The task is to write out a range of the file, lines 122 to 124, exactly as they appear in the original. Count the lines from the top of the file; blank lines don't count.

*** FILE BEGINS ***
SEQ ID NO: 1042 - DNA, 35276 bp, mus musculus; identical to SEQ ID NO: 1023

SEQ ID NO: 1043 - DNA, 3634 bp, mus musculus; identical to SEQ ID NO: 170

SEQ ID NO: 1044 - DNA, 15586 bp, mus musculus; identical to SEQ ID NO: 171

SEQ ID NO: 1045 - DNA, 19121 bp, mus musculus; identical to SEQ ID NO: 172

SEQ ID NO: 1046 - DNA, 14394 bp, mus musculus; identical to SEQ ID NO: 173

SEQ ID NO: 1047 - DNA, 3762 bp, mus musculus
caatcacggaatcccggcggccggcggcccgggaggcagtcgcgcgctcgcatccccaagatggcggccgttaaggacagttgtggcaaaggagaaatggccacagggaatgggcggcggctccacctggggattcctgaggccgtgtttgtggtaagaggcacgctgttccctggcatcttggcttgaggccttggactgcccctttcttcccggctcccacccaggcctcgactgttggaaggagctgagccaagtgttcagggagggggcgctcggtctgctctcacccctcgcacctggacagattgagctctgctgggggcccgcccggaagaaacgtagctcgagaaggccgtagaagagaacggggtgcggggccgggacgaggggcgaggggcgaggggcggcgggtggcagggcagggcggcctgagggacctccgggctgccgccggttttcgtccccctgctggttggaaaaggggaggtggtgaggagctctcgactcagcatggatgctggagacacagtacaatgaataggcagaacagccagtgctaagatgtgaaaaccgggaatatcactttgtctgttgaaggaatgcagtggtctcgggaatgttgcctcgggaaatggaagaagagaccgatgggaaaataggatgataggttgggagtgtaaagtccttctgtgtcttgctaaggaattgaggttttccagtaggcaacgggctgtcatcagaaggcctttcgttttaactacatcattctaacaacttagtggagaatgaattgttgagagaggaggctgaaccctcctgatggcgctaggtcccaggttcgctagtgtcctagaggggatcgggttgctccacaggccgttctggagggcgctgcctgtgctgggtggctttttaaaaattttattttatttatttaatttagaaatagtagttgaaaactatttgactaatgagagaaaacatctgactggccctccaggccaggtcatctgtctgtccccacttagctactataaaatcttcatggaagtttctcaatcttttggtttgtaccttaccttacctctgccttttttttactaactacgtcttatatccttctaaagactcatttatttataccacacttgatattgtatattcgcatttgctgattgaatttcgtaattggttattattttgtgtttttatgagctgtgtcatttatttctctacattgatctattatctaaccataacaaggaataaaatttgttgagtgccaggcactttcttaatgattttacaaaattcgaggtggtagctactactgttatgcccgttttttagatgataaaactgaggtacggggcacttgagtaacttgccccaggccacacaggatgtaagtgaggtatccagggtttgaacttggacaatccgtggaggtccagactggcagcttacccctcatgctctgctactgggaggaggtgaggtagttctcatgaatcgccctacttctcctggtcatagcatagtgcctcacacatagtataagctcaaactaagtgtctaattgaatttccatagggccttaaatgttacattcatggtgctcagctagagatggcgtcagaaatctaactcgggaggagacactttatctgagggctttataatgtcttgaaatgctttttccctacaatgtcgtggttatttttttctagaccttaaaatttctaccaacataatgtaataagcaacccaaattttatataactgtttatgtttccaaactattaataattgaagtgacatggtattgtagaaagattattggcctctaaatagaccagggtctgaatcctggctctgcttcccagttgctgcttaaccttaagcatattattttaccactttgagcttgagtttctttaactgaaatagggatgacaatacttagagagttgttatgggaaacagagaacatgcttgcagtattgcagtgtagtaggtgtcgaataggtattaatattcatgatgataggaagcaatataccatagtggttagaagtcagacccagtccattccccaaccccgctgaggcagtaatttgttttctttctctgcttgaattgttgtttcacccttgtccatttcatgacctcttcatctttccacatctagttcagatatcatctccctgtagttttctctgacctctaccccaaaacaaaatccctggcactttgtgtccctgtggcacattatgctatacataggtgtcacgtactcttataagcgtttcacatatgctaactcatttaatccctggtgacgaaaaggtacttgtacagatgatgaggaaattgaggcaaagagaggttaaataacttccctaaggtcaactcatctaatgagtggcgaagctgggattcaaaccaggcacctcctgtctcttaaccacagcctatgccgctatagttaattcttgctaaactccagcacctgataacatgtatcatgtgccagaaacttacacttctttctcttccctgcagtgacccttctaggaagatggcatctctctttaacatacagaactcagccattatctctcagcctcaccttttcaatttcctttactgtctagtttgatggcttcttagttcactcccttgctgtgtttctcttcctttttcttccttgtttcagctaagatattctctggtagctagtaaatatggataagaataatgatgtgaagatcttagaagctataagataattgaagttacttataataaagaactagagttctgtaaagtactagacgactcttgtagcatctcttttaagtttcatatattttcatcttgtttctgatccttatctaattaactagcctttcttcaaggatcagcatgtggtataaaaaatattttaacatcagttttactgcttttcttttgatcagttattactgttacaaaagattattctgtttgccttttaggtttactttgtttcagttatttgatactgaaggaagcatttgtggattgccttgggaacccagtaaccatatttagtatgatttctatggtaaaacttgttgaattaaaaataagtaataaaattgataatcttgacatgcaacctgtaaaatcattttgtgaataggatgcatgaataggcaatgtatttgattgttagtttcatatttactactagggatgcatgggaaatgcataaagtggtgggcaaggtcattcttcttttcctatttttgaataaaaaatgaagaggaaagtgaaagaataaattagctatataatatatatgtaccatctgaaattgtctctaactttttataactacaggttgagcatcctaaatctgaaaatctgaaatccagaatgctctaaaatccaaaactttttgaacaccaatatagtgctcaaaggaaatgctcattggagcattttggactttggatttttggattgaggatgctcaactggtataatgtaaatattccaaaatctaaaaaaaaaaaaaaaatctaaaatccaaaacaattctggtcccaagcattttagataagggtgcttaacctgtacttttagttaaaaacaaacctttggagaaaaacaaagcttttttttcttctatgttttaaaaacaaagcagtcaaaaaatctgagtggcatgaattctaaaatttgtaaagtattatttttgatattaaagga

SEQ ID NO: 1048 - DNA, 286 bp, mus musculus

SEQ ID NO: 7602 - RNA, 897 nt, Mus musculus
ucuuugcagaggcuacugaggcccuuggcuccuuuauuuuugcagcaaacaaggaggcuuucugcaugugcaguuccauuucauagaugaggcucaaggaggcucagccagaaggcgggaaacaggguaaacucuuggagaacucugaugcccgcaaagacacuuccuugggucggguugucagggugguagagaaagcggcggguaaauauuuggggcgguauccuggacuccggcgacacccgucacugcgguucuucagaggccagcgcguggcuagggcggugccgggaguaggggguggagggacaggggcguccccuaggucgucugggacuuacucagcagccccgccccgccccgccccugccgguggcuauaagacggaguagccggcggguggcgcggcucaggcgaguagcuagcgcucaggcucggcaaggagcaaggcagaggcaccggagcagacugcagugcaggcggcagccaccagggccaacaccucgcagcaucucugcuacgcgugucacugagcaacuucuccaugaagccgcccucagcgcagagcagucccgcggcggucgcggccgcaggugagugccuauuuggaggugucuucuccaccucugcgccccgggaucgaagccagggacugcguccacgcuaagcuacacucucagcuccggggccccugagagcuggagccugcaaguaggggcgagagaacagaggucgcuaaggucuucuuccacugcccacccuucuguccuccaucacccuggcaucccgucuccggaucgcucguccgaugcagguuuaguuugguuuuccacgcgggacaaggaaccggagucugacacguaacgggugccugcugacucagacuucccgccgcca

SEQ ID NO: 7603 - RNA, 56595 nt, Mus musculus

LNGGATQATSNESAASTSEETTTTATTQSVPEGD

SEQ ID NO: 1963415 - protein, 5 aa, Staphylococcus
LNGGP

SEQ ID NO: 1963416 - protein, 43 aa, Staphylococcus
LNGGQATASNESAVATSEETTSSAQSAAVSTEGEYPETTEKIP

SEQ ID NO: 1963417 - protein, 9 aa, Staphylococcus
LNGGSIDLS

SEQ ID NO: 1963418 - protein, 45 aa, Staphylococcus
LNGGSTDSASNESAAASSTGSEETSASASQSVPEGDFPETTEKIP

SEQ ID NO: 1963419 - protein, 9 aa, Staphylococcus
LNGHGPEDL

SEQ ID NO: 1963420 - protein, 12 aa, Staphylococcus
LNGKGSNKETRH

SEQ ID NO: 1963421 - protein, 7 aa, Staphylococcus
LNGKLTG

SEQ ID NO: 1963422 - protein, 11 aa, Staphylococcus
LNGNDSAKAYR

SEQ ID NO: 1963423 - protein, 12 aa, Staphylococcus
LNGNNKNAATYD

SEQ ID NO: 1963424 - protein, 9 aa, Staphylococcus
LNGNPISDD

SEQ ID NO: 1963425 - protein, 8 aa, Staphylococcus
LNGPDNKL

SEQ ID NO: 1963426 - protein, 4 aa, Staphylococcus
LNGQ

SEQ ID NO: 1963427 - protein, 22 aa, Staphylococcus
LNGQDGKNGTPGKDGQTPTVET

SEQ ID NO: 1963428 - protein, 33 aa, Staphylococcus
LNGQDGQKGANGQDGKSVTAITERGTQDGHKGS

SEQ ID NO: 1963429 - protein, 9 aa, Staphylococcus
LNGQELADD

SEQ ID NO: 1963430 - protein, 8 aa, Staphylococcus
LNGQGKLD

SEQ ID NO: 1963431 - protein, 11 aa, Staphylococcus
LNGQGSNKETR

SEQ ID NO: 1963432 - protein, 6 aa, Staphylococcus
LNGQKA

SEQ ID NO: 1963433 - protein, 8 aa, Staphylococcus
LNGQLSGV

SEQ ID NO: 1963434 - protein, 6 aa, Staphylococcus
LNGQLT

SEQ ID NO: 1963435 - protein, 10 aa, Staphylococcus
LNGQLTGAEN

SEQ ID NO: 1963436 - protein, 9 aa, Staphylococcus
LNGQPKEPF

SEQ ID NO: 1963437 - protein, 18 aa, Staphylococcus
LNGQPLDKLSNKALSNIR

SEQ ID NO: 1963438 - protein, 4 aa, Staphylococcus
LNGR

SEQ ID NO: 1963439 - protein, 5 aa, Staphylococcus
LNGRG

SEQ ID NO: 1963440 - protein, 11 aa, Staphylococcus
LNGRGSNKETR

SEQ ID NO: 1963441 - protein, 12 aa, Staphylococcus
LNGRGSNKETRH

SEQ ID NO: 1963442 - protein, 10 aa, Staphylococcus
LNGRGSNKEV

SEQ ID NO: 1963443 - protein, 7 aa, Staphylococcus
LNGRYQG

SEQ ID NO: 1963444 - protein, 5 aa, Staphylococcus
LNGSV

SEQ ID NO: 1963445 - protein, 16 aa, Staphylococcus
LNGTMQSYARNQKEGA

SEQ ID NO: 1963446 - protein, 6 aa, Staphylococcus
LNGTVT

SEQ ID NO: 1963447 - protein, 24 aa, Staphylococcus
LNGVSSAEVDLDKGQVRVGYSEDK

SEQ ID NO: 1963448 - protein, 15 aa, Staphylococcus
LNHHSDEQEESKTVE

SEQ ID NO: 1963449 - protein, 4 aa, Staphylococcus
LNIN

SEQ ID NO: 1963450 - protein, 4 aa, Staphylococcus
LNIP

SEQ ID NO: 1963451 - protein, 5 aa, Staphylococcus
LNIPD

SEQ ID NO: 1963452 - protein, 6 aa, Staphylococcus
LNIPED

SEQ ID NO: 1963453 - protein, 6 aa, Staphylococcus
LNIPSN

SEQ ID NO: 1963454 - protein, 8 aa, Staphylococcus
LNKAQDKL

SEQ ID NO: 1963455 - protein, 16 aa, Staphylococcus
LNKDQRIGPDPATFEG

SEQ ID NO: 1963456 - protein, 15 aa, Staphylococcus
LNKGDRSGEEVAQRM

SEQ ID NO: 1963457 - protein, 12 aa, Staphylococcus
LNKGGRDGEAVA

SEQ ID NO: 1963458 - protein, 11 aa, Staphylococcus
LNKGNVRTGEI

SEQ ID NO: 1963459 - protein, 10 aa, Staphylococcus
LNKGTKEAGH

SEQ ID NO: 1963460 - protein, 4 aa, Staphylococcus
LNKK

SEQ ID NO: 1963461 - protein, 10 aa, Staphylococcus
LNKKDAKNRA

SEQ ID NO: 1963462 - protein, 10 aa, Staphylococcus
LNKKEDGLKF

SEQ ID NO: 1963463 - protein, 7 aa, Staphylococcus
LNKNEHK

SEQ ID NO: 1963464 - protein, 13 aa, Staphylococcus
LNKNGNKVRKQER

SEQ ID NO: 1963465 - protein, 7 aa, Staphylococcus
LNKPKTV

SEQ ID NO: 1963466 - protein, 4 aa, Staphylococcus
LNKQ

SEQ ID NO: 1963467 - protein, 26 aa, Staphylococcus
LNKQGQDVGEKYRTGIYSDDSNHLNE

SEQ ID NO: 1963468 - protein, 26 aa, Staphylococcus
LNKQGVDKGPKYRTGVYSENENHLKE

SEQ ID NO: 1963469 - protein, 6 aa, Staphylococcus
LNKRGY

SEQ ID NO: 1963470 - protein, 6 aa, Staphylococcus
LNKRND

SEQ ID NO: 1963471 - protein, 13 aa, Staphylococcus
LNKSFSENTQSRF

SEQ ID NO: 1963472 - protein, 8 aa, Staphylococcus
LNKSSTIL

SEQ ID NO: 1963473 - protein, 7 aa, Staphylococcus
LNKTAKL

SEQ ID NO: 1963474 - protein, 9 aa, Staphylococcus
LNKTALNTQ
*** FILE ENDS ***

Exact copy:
LNKRGY

SEQ ID NO: 1963470 - protein, 6 aa, Staphylococcus
LNKRND